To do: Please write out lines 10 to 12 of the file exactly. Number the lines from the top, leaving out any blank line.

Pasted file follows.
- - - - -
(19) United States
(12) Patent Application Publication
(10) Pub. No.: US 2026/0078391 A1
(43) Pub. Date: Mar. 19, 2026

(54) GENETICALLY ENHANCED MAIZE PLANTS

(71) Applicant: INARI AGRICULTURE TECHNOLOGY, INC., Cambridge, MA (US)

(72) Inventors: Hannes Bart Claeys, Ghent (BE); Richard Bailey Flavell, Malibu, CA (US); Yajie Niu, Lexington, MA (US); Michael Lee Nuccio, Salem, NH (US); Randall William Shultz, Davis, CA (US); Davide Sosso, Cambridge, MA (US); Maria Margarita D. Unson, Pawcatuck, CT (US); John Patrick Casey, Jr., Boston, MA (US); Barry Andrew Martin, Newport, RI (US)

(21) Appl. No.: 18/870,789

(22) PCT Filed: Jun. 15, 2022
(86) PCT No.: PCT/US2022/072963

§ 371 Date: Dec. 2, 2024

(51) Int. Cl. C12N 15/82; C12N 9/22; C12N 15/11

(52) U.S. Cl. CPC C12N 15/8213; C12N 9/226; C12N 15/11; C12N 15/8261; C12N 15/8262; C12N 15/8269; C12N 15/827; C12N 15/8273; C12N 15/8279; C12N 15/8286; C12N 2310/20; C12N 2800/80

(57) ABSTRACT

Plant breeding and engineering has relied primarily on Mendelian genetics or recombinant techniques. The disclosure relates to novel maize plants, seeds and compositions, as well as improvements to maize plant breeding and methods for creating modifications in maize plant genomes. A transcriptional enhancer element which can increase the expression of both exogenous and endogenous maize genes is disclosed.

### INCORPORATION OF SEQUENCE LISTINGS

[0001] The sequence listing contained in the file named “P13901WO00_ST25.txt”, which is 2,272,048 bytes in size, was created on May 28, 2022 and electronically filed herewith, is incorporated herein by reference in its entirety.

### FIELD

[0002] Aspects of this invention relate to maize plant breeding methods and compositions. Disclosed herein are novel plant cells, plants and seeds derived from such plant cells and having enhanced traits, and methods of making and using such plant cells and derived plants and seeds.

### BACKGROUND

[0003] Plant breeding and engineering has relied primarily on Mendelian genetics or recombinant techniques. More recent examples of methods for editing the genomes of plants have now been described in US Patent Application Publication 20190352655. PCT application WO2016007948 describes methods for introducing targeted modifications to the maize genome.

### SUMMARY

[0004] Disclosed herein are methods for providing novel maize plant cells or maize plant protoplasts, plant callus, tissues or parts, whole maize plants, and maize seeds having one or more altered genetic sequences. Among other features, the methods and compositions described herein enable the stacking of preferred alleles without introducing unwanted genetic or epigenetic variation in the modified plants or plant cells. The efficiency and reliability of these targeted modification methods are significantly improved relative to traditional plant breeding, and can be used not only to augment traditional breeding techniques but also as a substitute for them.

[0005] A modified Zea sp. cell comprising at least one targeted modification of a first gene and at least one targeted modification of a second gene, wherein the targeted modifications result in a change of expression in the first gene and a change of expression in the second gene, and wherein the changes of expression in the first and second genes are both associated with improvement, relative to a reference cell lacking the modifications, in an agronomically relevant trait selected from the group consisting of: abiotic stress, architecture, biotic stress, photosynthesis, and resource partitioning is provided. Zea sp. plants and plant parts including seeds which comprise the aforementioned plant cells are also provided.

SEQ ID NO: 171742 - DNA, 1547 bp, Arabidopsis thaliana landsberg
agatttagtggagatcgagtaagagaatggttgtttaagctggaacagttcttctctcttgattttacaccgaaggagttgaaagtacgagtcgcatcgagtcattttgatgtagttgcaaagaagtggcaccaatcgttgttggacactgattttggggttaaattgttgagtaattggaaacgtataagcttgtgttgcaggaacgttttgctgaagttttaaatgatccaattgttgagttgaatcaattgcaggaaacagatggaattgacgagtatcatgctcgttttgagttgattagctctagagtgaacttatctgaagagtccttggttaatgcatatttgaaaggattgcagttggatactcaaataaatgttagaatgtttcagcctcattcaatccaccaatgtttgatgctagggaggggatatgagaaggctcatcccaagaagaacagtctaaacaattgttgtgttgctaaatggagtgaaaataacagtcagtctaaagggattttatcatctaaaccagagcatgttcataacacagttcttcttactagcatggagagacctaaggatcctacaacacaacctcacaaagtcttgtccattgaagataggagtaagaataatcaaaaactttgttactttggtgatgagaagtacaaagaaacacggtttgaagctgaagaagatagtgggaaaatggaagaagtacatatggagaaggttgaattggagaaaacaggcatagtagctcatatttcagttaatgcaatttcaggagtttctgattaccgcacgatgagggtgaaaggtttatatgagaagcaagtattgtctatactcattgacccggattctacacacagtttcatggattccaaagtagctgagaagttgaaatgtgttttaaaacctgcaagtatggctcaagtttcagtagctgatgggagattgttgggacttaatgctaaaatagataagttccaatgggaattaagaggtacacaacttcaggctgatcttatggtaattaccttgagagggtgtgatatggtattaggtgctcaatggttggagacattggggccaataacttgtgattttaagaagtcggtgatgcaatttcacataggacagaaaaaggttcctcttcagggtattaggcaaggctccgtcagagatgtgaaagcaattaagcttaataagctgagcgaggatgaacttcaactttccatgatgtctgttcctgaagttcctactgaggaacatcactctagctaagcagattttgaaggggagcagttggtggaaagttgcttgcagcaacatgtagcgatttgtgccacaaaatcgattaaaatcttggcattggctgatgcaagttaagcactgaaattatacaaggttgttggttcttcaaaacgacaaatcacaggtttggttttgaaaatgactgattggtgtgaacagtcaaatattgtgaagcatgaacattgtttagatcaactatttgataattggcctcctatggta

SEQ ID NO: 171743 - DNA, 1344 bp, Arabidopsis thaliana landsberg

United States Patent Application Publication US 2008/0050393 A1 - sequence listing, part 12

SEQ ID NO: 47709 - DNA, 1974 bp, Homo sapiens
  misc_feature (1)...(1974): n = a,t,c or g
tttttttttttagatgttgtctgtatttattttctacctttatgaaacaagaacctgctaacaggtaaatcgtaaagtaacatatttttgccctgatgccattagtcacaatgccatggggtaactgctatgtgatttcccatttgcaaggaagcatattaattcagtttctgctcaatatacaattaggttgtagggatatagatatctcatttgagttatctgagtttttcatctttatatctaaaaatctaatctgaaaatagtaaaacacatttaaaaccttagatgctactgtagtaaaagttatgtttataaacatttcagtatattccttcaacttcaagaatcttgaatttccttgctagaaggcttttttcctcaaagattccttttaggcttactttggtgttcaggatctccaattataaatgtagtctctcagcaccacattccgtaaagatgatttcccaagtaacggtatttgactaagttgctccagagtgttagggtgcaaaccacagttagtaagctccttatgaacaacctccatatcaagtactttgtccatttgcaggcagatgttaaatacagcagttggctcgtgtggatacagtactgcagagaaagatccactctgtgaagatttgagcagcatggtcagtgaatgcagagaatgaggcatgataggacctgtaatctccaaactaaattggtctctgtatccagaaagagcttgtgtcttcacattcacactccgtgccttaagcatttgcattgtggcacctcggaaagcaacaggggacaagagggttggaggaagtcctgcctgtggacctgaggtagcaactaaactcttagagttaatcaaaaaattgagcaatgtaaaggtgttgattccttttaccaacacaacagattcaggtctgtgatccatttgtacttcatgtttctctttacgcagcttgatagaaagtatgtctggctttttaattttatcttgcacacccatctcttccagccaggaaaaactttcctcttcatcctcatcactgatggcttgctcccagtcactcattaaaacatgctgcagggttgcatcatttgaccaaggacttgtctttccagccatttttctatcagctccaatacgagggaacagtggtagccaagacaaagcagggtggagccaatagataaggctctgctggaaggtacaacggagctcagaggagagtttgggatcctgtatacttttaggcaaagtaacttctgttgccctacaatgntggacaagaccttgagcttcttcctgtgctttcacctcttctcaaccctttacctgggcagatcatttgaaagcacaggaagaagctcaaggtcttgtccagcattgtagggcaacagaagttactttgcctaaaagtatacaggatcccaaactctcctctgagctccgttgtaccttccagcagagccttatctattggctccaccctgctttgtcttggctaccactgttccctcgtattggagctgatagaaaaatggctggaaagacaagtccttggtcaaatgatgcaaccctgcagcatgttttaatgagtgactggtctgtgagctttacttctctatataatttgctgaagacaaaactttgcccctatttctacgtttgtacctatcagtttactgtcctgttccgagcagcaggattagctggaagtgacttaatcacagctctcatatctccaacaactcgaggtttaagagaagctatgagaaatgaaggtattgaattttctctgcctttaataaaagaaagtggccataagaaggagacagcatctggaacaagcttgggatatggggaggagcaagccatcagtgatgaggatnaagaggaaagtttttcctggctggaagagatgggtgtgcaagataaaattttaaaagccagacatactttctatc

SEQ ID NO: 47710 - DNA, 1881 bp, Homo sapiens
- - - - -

(86) PCT No.: PCT/US2022/072963

§ 371 Date: Dec. 2, 2024

(51) Int. Cl. C12N 15/82; C12N 9/22; C12N 15/11